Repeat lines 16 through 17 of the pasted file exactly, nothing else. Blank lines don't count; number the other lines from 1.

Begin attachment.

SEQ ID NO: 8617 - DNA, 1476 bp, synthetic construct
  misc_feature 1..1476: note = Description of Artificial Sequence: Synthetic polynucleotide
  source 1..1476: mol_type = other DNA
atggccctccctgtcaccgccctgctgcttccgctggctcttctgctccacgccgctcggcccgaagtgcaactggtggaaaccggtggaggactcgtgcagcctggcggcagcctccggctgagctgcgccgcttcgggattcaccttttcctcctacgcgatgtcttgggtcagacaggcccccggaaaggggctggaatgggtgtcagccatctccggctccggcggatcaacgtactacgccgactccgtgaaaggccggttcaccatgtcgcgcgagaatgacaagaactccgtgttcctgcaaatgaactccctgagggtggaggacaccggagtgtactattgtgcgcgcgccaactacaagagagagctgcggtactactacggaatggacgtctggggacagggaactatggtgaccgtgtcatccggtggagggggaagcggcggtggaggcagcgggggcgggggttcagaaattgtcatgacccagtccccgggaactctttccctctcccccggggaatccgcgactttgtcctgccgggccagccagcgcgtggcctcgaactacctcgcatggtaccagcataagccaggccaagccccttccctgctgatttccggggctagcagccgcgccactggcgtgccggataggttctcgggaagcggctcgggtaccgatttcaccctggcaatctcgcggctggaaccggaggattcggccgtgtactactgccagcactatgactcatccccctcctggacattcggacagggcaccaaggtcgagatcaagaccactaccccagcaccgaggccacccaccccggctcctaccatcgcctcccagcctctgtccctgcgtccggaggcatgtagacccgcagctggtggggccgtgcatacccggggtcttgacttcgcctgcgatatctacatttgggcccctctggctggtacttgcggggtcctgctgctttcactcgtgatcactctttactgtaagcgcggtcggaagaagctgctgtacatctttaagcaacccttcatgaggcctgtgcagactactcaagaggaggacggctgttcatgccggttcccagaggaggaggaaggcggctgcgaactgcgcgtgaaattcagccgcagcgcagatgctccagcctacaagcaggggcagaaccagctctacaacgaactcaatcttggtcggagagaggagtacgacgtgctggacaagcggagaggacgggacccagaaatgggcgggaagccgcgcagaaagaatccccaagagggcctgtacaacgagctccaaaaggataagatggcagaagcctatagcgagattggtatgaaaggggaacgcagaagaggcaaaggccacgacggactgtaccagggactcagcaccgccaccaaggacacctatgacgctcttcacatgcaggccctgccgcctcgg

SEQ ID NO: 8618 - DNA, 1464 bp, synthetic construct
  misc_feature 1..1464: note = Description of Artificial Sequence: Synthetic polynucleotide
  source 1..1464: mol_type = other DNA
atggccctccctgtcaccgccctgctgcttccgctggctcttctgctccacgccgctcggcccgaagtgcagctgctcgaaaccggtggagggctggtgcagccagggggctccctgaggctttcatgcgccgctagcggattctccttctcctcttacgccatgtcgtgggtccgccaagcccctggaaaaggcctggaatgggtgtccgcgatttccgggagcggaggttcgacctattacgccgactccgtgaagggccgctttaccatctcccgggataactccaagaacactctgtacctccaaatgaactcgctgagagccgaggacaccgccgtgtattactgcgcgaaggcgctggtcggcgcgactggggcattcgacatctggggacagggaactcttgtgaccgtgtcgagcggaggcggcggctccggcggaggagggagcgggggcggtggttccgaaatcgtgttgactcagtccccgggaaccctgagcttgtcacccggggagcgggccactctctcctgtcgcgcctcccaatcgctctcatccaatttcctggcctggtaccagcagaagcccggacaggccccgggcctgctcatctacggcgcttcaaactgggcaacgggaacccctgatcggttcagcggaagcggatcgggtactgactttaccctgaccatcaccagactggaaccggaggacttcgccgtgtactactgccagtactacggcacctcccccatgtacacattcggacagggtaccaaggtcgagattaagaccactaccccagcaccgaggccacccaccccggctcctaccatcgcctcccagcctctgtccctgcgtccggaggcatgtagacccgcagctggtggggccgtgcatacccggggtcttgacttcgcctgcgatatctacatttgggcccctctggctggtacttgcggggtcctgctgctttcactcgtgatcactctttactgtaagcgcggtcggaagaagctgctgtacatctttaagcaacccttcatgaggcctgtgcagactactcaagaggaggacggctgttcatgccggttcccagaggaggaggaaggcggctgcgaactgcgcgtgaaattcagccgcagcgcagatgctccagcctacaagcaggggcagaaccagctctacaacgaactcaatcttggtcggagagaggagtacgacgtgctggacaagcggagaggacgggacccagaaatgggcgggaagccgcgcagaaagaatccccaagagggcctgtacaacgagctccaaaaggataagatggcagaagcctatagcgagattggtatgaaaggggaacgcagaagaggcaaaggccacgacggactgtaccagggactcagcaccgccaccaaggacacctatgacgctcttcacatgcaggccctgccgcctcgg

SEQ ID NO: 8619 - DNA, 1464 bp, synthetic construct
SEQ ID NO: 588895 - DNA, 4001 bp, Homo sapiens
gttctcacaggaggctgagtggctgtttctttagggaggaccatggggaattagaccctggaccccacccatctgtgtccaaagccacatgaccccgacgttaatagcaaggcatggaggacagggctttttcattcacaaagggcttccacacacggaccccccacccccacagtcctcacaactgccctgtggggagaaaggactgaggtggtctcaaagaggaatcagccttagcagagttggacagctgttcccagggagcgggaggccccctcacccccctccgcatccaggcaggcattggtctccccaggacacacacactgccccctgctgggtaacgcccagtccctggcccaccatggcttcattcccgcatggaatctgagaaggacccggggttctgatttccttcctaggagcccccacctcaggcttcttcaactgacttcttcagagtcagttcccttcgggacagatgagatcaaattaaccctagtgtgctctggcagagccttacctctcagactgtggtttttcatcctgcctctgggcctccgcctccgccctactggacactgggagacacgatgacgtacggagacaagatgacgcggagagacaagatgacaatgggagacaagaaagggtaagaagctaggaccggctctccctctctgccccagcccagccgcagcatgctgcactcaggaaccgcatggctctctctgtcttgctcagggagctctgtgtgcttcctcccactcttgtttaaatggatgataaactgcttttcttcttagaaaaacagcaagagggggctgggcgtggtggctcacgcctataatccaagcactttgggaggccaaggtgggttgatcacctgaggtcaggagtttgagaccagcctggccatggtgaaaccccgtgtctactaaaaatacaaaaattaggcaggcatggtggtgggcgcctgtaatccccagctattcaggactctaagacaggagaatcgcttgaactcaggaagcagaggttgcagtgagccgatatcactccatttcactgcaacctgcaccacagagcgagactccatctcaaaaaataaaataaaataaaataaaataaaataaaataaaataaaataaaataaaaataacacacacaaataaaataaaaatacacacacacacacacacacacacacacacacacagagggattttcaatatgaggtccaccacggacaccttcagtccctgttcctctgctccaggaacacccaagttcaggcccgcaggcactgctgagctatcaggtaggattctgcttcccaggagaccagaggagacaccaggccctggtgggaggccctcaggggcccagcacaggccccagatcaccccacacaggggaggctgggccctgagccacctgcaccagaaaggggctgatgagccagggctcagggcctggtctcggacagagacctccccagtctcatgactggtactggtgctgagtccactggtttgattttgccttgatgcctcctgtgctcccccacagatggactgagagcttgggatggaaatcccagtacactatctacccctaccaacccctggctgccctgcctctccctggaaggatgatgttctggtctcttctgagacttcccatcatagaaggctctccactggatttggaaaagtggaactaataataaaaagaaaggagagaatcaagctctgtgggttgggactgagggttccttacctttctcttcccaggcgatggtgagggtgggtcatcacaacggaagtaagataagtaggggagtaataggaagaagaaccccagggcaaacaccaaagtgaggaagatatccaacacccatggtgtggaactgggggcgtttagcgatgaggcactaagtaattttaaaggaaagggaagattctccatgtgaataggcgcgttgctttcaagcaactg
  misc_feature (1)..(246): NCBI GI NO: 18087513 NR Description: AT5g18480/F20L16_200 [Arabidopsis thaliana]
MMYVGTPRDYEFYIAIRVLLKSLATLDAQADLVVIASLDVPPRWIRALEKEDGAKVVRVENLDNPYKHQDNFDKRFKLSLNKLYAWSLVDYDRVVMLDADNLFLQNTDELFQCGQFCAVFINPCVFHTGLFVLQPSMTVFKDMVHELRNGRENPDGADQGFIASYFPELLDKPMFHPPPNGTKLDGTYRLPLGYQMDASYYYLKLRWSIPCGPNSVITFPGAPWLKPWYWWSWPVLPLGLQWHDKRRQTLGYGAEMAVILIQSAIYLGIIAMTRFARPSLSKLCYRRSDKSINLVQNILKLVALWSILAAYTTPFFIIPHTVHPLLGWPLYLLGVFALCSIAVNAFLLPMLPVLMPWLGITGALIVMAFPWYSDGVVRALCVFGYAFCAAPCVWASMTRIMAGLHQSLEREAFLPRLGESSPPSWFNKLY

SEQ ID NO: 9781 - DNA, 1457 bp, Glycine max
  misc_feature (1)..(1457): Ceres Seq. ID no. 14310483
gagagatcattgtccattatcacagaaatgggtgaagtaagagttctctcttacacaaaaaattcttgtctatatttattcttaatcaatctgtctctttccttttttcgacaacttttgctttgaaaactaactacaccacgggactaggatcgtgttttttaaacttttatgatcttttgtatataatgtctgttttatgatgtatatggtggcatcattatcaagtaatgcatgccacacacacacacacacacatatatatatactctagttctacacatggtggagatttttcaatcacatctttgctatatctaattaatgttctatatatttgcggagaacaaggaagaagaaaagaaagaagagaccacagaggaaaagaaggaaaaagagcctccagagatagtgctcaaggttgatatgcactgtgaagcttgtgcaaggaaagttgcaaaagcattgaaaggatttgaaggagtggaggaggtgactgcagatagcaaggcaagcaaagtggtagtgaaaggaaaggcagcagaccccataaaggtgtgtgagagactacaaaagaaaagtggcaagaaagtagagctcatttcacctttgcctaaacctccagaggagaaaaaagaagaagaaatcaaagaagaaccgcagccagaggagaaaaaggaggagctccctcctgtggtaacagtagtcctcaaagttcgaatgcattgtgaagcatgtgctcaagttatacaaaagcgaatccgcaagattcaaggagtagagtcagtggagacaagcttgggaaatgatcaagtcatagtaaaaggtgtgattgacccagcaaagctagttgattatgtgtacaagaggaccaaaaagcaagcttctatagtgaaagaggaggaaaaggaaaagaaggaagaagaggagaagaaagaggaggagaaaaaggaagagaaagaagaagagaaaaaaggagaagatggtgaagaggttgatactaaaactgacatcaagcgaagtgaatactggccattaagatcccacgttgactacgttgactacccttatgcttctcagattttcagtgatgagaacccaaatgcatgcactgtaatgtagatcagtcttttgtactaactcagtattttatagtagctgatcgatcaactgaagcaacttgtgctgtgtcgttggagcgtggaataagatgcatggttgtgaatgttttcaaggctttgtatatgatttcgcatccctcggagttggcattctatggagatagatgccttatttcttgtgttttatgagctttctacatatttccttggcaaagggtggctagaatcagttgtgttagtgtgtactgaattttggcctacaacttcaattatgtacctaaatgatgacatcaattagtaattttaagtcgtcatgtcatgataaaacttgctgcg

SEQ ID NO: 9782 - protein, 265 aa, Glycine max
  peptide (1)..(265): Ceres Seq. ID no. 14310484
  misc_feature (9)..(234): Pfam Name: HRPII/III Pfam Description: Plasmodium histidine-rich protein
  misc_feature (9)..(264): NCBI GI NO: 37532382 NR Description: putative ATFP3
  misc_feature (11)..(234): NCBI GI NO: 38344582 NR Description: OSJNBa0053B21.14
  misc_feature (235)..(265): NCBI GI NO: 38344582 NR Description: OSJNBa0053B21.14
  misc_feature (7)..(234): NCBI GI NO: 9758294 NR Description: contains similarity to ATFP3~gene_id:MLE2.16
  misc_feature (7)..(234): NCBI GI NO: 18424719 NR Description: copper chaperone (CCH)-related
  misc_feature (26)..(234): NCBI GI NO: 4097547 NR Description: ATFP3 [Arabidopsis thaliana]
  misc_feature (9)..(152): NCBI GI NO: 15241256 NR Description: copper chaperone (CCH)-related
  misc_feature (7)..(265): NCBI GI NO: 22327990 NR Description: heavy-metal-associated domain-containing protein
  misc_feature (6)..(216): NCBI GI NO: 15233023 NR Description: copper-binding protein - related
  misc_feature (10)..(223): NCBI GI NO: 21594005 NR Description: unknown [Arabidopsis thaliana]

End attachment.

gagagatcattgtccattatcacagaaatgggtgaagtaagagttctctcttacacaaaaaattcttgtctatatttattcttaatcaatctgtctctttccttttttcgacaacttttgctttgaaaactaactacaccacgggactaggatcgtgttttttaaacttttatgatcttttgtatataatgtctgttttatgatgtatatggtggcatcattatcaagtaatgcatgccacacacacacacacacacatatatatatactctagttctacacatggtggagatttttcaatcacatctttgctatatctaattaatgttctatatatttgcggagaacaaggaagaagaaaagaaagaagagaccacagaggaaaagaaggaaaaagagcctccagagatagtgctcaaggttgatatgcactgtgaagcttgtgcaaggaaagttgcaaaagcattgaaaggatttgaaggagtggaggaggtgactgcagatagcaaggcaagcaaagtggtagtgaaaggaaaggcagcagaccccataaaggtgtgtgagagactacaaaagaaaagtggcaagaaagtagagctcatttcacctttgcctaaacctccagaggagaaaaaagaagaagaaatcaaagaagaaccgcagccagaggagaaaaaggaggagctccctcctgtggtaacagtagtcctcaaagttcgaatgcattgtgaagcatgtgctcaagttatacaaaagcgaatccgcaagattcaaggagtagagtcagtggagacaagcttgggaaatgatcaagtcatagtaaaaggtgtgattgacccagcaaagctagttgattatgtgtacaagaggaccaaaaagcaagcttctatagtgaaagaggaggaaaaggaaaagaaggaagaagaggagaagaaagaggaggagaaaaaggaagagaaagaagaagagaaaaaaggagaagatggtgaagaggttgatactaaaactgacatcaagcgaagtgaatactggccattaagatcccacgttgactacgttgactacccttatgcttctcagattttcagtgatgagaacccaaatgcatgcactgtaatgtagatcagtcttttgtactaactcagtattttatagtagctgatcgatcaactgaagcaacttgtgctgtgtcgttggagcgtggaataagatgcatggttgtgaatgttttcaaggctttgtatatgatttcgcatccctcggagttggcattctatggagatagatgccttatttcttgtgttttatgagctttctacatatttccttggcaaagggtggctagaatcagttgtgttagtgtgtactgaattttggcctacaacttcaattatgtacctaaatgatgacatcaattagtaattttaagtcgtcatgtcatgataaaacttgctgcg

SEQ ID NO: 9782 - protein, 265 aa, Glycine max